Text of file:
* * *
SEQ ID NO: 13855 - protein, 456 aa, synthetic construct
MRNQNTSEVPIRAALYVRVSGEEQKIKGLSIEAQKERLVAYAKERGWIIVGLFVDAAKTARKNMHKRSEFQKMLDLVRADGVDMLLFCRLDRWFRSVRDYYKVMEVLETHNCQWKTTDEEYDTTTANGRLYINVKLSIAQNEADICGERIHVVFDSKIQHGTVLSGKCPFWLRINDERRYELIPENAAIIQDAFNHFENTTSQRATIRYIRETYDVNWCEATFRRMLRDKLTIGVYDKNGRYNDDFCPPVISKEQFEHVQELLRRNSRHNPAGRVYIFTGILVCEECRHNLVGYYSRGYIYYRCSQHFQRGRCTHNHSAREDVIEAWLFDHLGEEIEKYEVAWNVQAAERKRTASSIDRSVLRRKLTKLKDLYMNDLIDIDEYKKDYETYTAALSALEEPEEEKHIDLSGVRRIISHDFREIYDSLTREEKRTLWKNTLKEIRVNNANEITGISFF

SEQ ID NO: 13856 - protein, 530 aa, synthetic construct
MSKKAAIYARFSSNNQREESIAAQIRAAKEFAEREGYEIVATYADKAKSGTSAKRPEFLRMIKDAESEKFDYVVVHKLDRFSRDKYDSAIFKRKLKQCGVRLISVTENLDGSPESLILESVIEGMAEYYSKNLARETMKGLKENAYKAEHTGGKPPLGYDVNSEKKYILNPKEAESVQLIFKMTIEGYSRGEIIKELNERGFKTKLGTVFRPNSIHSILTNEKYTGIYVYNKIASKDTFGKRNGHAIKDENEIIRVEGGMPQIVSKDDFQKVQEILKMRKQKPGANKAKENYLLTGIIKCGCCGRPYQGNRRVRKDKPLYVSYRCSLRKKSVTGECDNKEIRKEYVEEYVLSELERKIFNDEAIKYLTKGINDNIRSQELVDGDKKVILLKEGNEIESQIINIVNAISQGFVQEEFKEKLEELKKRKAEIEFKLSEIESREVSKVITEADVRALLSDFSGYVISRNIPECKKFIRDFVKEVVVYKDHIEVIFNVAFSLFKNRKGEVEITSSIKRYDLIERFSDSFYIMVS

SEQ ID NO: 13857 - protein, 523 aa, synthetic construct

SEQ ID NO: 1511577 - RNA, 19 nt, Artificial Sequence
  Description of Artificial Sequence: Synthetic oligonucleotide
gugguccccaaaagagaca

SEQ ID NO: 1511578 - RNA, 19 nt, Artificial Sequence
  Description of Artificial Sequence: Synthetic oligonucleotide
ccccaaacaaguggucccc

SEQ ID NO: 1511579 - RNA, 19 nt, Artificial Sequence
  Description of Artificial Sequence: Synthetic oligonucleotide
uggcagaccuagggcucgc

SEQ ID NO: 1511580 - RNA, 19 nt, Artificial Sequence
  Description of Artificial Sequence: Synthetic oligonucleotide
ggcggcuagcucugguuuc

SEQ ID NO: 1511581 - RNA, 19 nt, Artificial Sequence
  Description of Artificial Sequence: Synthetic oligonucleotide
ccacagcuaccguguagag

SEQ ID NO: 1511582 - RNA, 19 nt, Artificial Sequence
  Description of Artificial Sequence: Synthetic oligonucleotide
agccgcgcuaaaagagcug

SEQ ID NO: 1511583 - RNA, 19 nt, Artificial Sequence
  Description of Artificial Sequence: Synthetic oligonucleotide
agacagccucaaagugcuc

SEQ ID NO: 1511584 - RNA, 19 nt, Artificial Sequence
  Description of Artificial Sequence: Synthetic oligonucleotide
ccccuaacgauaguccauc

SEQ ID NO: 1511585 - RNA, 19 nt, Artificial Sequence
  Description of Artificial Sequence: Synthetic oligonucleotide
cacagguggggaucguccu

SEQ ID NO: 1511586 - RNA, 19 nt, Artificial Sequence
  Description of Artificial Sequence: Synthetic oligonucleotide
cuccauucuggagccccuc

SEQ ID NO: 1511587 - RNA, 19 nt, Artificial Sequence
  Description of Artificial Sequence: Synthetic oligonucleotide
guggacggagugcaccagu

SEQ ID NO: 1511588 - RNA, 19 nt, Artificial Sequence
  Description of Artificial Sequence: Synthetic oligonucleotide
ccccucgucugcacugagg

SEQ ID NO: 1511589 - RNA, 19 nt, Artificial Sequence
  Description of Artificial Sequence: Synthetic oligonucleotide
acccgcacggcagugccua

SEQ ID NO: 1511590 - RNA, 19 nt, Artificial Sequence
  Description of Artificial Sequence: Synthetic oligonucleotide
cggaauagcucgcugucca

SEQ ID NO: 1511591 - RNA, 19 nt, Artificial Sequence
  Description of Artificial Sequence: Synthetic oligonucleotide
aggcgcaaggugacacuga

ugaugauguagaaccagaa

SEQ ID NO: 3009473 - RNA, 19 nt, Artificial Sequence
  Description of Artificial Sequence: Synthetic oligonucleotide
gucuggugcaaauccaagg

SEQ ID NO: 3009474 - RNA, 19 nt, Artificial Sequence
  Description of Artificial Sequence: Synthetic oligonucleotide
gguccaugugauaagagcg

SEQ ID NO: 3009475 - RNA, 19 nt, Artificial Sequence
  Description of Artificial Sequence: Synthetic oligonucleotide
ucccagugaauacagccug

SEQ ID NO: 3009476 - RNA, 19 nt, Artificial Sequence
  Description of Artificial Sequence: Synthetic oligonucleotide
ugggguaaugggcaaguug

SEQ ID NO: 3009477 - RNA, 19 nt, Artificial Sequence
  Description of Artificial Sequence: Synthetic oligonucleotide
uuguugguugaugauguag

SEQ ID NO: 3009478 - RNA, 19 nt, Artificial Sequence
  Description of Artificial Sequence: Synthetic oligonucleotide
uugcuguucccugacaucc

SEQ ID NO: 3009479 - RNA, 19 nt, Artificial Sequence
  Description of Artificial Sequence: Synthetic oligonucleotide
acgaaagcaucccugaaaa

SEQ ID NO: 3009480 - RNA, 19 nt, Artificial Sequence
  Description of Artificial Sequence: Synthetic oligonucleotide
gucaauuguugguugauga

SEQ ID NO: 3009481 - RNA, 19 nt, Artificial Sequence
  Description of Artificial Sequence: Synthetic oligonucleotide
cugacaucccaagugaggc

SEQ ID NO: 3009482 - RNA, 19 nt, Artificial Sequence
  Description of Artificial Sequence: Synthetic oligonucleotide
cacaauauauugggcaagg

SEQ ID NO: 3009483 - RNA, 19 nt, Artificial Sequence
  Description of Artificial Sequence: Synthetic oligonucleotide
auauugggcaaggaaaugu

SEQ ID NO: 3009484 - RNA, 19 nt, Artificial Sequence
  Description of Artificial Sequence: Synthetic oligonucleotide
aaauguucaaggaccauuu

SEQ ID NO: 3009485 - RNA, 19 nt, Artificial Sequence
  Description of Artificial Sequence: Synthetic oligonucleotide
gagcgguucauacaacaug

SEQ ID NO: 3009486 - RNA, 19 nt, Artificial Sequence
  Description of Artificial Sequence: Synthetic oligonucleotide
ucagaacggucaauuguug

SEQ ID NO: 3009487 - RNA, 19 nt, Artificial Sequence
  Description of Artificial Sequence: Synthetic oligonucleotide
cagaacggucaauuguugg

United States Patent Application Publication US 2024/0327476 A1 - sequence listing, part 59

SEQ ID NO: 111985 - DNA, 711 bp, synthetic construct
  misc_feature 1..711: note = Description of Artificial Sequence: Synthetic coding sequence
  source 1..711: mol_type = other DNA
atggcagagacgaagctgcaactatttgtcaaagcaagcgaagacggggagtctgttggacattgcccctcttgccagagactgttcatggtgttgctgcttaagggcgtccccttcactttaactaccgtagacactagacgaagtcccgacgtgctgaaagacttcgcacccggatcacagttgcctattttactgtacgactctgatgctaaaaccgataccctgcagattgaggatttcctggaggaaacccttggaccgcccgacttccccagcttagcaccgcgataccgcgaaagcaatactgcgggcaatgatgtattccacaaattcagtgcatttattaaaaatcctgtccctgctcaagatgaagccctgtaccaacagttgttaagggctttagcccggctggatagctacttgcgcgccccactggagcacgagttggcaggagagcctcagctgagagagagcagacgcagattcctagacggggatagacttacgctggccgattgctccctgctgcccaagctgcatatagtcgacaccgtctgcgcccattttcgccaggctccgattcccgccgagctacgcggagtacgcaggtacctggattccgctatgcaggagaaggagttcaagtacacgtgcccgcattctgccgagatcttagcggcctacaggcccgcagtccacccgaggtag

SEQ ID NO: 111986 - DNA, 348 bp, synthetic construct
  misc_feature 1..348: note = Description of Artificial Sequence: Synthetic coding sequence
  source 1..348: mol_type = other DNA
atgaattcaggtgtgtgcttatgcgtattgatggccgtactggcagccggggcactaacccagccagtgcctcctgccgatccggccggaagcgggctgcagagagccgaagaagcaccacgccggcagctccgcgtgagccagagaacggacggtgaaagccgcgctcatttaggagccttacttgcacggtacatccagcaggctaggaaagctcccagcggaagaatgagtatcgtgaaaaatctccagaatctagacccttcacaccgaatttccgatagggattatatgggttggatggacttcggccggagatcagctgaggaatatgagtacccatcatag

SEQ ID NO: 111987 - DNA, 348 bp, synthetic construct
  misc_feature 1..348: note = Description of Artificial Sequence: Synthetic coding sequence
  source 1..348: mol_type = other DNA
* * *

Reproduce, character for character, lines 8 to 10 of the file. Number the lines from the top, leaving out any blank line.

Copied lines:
gugguccccaaaagagaca

SEQ ID NO: 1511578 - RNA, 19 nt, Artificial Sequence
  Description of Artificial Sequence: Synthetic oligonucleotide